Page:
During my conference at the University of London, I visited the British Museum and stumbled upon a powerful exhibit on living and dying in various cultures. This poem accompanied a series of poignant photos, and I was compelled to write the poem on the palms of my two hands.


Sometimes things don’t go, after all,
from bad to worse. Some years, muscadel
faces down frost; green thrives; the crops don’t fail.
Sometimes a man aims high, and all goes well.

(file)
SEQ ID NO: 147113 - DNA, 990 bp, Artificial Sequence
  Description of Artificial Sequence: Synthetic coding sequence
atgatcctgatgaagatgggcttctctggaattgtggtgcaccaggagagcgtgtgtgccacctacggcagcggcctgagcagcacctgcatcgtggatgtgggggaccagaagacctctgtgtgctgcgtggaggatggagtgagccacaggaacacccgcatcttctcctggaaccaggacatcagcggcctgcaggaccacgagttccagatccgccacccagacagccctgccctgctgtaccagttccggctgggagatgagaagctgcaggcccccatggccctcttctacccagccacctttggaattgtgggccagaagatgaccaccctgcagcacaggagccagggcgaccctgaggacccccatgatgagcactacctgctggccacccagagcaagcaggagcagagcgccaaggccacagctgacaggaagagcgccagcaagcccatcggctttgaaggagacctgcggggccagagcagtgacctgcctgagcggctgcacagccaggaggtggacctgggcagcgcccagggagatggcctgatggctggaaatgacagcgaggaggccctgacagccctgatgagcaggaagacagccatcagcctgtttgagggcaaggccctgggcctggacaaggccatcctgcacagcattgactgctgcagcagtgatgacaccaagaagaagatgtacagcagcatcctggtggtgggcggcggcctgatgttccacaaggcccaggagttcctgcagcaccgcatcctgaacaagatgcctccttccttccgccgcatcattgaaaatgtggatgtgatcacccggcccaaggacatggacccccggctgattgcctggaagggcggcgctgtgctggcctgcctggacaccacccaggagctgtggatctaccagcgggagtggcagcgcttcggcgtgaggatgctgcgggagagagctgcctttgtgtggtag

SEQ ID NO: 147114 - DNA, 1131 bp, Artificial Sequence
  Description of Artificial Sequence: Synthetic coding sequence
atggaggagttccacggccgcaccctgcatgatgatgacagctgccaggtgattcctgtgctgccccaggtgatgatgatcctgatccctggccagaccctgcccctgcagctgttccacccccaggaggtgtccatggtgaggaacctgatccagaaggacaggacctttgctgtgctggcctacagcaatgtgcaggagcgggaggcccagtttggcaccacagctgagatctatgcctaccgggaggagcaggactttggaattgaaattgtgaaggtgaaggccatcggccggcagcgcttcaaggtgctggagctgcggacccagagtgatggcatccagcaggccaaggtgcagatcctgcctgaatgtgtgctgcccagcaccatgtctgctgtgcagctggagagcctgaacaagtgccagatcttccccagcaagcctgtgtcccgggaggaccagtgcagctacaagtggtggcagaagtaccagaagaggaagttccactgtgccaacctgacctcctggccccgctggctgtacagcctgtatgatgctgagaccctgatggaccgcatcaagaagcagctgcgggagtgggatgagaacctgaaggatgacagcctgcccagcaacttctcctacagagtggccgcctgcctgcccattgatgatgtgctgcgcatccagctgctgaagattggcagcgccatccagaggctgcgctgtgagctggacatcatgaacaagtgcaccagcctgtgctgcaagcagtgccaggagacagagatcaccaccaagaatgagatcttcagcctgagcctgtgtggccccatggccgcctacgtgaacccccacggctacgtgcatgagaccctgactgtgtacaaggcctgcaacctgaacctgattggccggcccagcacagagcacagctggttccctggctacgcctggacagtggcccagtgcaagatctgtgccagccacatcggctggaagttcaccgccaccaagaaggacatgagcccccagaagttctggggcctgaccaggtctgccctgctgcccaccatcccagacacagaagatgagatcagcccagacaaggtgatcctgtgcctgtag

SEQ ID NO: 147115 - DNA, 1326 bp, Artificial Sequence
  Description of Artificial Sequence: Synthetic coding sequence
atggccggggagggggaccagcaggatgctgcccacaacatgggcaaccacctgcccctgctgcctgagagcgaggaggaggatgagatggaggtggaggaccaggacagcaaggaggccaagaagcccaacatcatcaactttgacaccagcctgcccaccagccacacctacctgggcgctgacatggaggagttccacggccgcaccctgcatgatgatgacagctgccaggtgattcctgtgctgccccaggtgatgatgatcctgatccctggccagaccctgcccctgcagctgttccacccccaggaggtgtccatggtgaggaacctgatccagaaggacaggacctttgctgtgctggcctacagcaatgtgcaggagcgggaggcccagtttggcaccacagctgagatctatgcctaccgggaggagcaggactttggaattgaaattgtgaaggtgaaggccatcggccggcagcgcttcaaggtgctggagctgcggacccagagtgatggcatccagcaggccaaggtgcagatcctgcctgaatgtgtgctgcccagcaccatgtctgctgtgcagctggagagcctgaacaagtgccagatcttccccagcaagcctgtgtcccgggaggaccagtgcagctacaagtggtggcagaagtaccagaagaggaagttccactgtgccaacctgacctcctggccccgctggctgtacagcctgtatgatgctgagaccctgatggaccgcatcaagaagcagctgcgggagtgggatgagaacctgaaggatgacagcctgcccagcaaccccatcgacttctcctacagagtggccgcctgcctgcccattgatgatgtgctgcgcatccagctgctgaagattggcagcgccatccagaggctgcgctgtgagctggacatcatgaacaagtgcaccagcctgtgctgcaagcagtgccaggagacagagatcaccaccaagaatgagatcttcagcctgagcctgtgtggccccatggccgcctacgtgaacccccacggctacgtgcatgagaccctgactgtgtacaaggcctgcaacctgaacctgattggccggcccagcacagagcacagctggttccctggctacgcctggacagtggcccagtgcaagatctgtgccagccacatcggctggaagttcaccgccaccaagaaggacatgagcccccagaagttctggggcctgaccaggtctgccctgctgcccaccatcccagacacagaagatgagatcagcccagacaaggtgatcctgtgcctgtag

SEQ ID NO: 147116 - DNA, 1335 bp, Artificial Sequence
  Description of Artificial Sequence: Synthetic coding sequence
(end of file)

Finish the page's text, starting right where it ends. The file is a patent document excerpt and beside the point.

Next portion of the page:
A people sometimes will step back from war,
elect an honest man, decide they care
enough, that they can’t leave some stranger poor.
Some men become what they were born for.

Sometimes our best intentions do not go
amiss; sometimes we do as we meant to.
The sun will sometimes melt a field of sorrow
that seemed hard frozen; may it happen for you.

— Sheenan Pugh